Business drops out of Friday Night Live

Poppin' owner wanted to see WDBA financial records

March 5, 2013

As always, there will be six stages this summer across downtown Waukesha for the Friday Night Live music series.

But for the first time in four years Kathy Garcia won't be part of the popular event.

The Poppin' on Broadway owner has removed herself as a stage manager. Garcia said her departure was a result of her wanting to see how the finances for the Waukesha Downtown Business Association were being used.

The WDBA, a private organization comprised of downtown business owners, runs Friday Night Live, which puts on musical acts from June through September.

"She accused us of not reviewing our finances," said Roger Igielski, president of the WDBA, and co-owner of Allô! Chocolat in downtown Waukesha.

Igielski added that each stage manager is required to pay a fee to pay the band that is playing in front of their business. Poppin' on Broadway, 260 W. Broadway, split the bill last year with Montecito Ristorante, 257 W. Broadway, as the two shared the stage for the first time.

Igielski said Montecito will partner with Guitar For Life Studio, also on Broadway, this year and added that Garcia still has not paid $450 for last year.

"I would be happy to pay, but until I see (a spreadsheet on the finances) I won't pay," said Garcia, who added she has concerns about how others who have their own sponsorships were paying for their stages.

Invited to meetings

Igielski said he invited Garcia to a meeting in January where board members would discuss finances. However, since Garcia said this meeting took place only after she informed Igielski that she was not coming back for 2013, she did not attend.

"We knew she's had some concerns and issues and we had a meeting and I sent her four invitations to attend the meeting and asked her for a RSVP where all the stage managers would look at finances from last year and goals for this year, so we would be on the same page," Igielski said. "But she never replied. She hadn't renewed her membership for the WDBA, so it wasn't a surprise."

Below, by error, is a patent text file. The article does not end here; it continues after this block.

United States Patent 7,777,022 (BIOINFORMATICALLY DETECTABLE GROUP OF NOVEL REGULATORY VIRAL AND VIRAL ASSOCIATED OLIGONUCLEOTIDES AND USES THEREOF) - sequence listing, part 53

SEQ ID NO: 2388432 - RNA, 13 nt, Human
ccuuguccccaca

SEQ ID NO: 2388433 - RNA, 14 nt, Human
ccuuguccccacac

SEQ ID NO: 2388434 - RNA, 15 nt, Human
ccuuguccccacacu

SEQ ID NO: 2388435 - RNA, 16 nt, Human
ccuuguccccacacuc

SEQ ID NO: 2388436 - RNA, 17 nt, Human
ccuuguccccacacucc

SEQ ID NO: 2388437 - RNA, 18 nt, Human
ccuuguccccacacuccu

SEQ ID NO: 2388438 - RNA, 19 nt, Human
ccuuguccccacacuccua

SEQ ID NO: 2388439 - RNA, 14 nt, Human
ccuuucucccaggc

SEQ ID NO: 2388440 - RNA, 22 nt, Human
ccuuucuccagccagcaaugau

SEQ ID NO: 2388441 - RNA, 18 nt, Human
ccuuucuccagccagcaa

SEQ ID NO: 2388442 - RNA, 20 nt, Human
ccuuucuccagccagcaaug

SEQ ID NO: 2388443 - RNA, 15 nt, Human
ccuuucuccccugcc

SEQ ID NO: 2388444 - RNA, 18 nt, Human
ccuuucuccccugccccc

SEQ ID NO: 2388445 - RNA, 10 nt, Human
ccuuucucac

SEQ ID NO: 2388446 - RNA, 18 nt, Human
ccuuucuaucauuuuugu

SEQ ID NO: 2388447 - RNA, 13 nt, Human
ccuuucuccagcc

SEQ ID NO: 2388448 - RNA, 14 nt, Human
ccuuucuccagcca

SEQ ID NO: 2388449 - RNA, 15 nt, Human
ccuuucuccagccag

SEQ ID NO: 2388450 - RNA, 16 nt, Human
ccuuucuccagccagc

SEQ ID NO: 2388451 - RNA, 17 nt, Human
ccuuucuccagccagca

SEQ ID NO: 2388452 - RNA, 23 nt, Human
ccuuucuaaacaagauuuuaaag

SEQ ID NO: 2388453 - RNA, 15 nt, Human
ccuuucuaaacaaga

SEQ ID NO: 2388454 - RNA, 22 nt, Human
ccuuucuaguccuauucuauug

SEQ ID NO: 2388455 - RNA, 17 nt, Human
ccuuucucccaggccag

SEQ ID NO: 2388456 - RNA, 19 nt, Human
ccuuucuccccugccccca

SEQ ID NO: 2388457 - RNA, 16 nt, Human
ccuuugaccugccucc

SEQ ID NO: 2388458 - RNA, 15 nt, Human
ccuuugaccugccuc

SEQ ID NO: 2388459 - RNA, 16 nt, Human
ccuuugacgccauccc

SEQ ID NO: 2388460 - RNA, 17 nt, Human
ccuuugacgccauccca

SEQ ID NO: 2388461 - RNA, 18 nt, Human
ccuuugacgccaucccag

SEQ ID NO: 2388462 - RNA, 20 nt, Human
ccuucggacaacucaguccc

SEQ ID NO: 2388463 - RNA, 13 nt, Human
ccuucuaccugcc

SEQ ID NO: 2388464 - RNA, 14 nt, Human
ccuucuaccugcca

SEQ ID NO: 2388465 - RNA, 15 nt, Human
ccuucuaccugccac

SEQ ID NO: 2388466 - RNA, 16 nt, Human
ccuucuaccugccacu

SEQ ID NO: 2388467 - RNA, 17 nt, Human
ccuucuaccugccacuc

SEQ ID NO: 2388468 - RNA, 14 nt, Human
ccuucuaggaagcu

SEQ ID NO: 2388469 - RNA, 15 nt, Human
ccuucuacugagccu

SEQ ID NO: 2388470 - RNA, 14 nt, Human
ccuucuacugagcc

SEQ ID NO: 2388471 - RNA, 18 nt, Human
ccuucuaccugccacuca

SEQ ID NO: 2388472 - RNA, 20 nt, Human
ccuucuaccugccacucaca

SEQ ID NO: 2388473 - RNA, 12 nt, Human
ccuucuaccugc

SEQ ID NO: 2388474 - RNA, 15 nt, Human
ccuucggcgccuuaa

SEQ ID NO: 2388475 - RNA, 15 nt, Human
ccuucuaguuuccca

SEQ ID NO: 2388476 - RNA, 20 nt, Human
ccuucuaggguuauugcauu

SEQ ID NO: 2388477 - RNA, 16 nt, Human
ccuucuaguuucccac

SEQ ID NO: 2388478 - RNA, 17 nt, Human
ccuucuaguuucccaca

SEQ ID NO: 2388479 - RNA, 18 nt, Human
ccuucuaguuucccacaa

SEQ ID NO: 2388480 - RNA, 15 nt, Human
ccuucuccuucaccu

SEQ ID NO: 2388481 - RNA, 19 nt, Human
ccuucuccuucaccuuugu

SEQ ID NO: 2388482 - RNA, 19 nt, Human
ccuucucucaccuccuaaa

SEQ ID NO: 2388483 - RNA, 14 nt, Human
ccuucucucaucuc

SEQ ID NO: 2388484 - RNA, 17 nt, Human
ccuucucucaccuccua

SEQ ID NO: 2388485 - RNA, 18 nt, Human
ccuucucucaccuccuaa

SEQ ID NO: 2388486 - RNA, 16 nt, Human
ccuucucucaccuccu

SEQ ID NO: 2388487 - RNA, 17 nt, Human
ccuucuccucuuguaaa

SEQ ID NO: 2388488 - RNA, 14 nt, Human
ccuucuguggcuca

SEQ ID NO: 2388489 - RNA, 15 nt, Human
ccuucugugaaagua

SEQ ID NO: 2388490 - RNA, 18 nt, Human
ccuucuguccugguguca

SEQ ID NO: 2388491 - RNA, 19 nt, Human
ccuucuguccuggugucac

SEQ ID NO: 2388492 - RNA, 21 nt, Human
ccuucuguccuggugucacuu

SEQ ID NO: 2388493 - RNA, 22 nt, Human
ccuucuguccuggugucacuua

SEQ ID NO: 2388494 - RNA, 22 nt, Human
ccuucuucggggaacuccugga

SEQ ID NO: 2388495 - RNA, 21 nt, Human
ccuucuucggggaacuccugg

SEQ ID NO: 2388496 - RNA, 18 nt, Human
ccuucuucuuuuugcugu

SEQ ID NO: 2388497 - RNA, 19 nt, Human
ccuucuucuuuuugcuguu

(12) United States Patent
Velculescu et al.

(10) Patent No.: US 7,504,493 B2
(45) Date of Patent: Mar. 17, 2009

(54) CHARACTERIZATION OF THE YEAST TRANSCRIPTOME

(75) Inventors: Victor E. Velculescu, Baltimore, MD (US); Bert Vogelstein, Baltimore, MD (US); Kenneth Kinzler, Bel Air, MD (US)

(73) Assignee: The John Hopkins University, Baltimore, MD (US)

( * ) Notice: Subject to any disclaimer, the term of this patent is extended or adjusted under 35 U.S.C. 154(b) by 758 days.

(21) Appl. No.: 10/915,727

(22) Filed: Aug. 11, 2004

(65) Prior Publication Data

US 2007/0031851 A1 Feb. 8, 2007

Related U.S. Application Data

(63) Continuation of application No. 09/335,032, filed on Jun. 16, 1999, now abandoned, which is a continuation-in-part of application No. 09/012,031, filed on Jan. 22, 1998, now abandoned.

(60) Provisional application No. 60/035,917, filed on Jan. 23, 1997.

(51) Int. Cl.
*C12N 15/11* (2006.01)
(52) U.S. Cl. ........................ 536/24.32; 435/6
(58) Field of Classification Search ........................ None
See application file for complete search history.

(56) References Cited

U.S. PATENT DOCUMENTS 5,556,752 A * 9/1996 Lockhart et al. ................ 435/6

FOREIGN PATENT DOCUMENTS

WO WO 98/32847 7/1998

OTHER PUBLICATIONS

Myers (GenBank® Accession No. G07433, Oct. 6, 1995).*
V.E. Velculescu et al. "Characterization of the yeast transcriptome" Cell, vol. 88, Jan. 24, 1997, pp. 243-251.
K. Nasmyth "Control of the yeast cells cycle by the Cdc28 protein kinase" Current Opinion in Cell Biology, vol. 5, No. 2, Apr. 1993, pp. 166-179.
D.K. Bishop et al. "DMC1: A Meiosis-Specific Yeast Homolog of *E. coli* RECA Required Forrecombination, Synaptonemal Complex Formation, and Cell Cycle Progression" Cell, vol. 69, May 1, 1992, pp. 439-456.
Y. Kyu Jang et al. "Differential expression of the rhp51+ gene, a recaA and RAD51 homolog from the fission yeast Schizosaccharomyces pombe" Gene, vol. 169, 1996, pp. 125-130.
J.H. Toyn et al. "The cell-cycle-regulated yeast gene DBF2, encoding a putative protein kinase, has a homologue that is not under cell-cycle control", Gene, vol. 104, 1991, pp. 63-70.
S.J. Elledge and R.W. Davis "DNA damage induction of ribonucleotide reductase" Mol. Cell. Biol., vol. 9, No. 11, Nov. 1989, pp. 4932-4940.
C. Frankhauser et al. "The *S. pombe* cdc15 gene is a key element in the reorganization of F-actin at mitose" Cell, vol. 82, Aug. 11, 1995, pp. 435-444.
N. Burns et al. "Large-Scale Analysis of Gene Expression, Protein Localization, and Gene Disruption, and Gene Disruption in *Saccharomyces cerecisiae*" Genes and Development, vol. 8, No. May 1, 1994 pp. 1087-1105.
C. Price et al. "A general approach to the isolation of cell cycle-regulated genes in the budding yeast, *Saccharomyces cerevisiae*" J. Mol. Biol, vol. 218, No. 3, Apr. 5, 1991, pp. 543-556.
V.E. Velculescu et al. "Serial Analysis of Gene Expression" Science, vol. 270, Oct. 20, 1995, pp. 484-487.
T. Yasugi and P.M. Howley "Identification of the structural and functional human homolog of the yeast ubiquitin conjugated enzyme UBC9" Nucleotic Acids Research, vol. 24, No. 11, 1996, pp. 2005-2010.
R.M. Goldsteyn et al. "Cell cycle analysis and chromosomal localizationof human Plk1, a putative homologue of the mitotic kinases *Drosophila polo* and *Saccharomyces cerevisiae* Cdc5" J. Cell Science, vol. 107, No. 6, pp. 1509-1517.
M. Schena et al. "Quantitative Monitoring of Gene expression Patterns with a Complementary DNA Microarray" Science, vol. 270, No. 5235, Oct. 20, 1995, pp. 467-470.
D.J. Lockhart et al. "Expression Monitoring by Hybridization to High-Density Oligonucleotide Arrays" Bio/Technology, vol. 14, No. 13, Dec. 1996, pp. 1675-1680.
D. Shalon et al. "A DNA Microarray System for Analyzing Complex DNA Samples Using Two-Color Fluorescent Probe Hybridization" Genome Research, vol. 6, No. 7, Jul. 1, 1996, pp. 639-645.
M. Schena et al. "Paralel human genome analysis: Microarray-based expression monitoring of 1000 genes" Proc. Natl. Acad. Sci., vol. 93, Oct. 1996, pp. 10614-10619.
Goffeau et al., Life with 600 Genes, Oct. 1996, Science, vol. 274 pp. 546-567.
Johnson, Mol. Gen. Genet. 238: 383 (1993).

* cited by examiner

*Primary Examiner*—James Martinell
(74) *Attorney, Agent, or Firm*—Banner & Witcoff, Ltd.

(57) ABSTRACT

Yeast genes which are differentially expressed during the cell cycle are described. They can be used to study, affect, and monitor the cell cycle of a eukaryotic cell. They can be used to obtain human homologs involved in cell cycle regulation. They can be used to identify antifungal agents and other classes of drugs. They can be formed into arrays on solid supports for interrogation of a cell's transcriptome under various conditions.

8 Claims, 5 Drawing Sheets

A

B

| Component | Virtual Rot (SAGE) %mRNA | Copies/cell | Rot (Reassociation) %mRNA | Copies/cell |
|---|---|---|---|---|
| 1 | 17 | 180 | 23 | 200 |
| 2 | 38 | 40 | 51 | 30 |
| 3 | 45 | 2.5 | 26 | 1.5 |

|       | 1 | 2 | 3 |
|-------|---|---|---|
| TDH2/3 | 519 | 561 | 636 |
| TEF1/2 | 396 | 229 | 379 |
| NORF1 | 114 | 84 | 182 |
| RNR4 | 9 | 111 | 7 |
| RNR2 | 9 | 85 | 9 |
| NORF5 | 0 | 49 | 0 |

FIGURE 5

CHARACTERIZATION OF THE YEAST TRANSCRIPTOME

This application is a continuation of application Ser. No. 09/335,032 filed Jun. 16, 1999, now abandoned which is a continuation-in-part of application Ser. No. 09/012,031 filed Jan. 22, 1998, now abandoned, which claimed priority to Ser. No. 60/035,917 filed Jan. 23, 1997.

About a week after that meeting, Igielski said he got an email from Mayor Jeff Scrima asking him if he could reach out to Garcia once more. But when he did, Igielski said Garcia fired back.

"She said, 'you held that meeting that's owned by someone I didn't like and will never step foot in that business,'" Igielski recalled.

Garcia said she had an extensive talk with Scrima about working on a compromise as well as Igielski in the past but nothing materialized. She added the drama that centered around the BID disbanding was a reason for her not renewing her membership, too.

"There's always two sides to it and it's never going to go away until the city's commander in chief ends this," Garcia said. "But I went through the chain of command to try."

Street closures an issue

Igielski said he wanted to meet with Garcia individually last summer, but as he and his wife were walking down the street toward her shop, he said she starting yelling at them.

"She said she felt unappreciated," Igielski said. "Being a stage manager takes a lot of work every week, so I would make sure to thank her every week, but she still felt unappreciated."

"I didn't think he was there to patch things up," Garcia replied.

Igielski said the relationship between Friday Night Live and Garcia became strained last year. He thinks property owners who oppose the concert series had an influence over Garcia.

"We were very good friends," Igielski said. "It's very sad to think that someone got into her mind. I don't know how (the event) wasn't good for her business."

Some downtown property owners have said closing the streets for Friday Night Live makes it difficult to get to their business. Some have asked that the amount of dates - 18- be scaled back as well.

"There's no compromise," said Garcia, who believes cutting dates back in September because of low attendance should be considered. "No one got in my head. I just started hearing people from both sides. There's no group effort on this event at all."

Igielski said he has tried to work with individuals on both sides, calling the street closings "an emotional issue."

"The argument is that closing the streets enhances the reputation that Waukesha is hard to navigate, but without the event 3,000 or 4,000 people would never even come downtown," he said. "So that theory is destroyed and not rational. And I've got tons of people who want Friday Night Live to stay going longer until 10 p.m. and I've said no to them. Or others who want it more (than 18 Fridays) so I've got pressure on that side as well."

Volunteer effort

He's tired of the bickering.

"Nobody gets a nickel (for running this event)," Igielski said. "We're all volunteers and if we decide we don't need (the backlash), the downtown will implode. Those events are what's keeping some businesses afloat."

Garcia said she put in around 12 to 14 hours on the day of Friday Night Lives and with four of the six stages on Main Street, she loved the opportunity to bring more people to Broadway.

"Now that I have expressed how I feel and how I feel betrayed I hope to move on from this," Garcia said. "But a lot of businesses feel this way about the WDBA."

Would she ever consider getting back involved in Friday Night Live?

"As of now, I don't know," she said.

Igielski said he's looking forward to 2013 Friday Night Live.

"The negativity doesn't help downtown." Igielski said. "So we're just going to stay positive and have an incredible summer."


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